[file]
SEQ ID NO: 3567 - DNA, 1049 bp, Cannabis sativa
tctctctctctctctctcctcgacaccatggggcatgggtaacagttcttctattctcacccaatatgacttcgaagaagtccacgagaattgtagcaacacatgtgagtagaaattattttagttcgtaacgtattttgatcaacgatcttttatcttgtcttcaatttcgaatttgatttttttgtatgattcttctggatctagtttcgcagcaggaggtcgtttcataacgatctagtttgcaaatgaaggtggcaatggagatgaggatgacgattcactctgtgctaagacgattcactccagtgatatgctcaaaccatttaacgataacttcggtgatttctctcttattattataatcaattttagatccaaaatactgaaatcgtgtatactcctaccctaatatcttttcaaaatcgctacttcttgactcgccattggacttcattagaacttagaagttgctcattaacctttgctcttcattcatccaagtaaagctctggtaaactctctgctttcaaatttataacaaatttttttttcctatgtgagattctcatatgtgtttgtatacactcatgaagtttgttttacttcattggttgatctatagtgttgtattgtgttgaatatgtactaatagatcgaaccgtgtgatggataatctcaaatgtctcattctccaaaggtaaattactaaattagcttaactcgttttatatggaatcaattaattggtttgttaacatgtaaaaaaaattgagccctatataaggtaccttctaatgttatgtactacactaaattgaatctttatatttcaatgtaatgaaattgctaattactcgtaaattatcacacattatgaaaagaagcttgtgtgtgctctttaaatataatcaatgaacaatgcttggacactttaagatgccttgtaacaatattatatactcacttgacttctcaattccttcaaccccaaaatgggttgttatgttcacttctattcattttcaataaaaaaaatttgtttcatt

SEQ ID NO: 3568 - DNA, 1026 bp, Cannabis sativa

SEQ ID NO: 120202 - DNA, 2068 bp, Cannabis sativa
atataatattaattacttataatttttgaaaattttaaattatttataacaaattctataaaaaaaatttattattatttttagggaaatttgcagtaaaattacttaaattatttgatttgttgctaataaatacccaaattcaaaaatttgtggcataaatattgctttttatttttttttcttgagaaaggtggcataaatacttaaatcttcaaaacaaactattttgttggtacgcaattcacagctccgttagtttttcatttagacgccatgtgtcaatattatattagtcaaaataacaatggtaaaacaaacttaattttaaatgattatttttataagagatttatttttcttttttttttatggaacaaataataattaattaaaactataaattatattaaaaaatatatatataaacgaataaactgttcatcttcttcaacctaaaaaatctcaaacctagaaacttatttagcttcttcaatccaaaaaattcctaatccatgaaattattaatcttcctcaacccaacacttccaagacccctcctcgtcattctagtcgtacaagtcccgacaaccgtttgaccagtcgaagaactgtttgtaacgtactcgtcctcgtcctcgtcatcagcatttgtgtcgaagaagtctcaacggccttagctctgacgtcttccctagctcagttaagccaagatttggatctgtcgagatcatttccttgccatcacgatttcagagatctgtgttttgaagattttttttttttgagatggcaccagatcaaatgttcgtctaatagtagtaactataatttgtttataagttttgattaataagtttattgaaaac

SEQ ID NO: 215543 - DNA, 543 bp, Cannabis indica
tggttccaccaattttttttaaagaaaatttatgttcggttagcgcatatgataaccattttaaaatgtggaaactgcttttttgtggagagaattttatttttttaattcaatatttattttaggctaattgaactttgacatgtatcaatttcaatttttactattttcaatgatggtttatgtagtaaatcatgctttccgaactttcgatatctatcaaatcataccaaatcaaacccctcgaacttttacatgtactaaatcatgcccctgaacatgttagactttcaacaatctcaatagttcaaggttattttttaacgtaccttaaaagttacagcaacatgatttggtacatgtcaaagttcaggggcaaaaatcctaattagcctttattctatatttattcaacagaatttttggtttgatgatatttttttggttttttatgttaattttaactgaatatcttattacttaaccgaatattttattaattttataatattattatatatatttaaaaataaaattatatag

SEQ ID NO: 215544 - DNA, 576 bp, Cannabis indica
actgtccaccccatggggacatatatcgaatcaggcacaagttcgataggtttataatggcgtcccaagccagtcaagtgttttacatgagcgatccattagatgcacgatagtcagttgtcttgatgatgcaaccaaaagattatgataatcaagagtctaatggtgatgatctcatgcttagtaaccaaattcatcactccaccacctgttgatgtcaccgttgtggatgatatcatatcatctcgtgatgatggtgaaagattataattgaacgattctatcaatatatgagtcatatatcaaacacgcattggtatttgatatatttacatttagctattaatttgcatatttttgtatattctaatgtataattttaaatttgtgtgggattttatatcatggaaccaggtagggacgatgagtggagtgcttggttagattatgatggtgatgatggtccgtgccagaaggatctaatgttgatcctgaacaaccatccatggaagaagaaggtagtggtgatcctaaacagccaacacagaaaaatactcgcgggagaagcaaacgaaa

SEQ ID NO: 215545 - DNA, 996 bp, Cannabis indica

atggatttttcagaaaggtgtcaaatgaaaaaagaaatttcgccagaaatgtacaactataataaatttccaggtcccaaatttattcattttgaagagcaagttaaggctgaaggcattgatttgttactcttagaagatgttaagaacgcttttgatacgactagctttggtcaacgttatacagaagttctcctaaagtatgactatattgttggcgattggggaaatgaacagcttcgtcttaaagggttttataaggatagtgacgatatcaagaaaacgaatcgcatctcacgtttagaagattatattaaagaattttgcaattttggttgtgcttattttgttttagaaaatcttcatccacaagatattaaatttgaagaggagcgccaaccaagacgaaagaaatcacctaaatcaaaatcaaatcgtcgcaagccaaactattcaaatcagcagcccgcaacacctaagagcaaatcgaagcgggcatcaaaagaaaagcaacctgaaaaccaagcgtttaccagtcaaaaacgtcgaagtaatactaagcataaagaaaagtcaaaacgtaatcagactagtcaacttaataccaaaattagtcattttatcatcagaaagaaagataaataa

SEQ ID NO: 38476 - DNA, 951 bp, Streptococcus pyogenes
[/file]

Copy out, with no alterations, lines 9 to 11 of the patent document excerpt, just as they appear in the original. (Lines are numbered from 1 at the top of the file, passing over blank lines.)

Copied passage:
actgtccaccccatggggacatatatcgaatcaggcacaagttcgataggtttataatggcgtcccaagccagtcaagtgttttacatgagcgatccattagatgcacgatagtcagttgtcttgatgatgcaaccaaaagattatgataatcaagagtctaatggtgatgatctcatgcttagtaaccaaattcatcactccaccacctgttgatgtcaccgttgtggatgatatcatatcatctcgtgatgatggtgaaagattataattgaacgattctatcaatatatgagtcatatatcaaacacgcattggtatttgatatatttacatttagctattaatttgcatatttttgtatattctaatgtataattttaaatttgtgtgggattttatatcatggaaccaggtagggacgatgagtggagtgcttggttagattatgatggtgatgatggtccgtgccagaaggatctaatgttgatcctgaacaaccatccatggaagaagaaggtagtggtgatcctaaacagccaacacagaaaaatactcgcgggagaagcaaacgaaa

SEQ ID NO: 215545 - DNA, 996 bp, Cannabis indica

atggatttttcagaaaggtgtcaaatgaaaaaagaaatttcgccagaaatgtacaactataataaatttccaggtcccaaatttattcattttgaagagcaagttaaggctgaaggcattgatttgttactcttagaagatgttaagaacgcttttgatacgactagctttggtcaacgttatacagaagttctcctaaagtatgactatattgttggcgattggggaaatgaacagcttcgtcttaaagggttttataaggatagtgacgatatcaagaaaacgaatcgcatctcacgtttagaagattatattaaagaattttgcaattttggttgtgcttattttgttttagaaaatcttcatccacaagatattaaatttgaagaggagcgccaaccaagacgaaagaaatcacctaaatcaaaatcaaatcgtcgcaagccaaactattcaaatcagcagcccgcaacacctaagagcaaatcgaagcgggcatcaaaagaaaagcaacctgaaaaccaagcgtttaccagtcaaaaacgtcgaagtaatactaagcataaagaaaagtcaaaacgtaatcagactagtcaacttaataccaaaattagtcattttatcatcagaaagaaagataaataa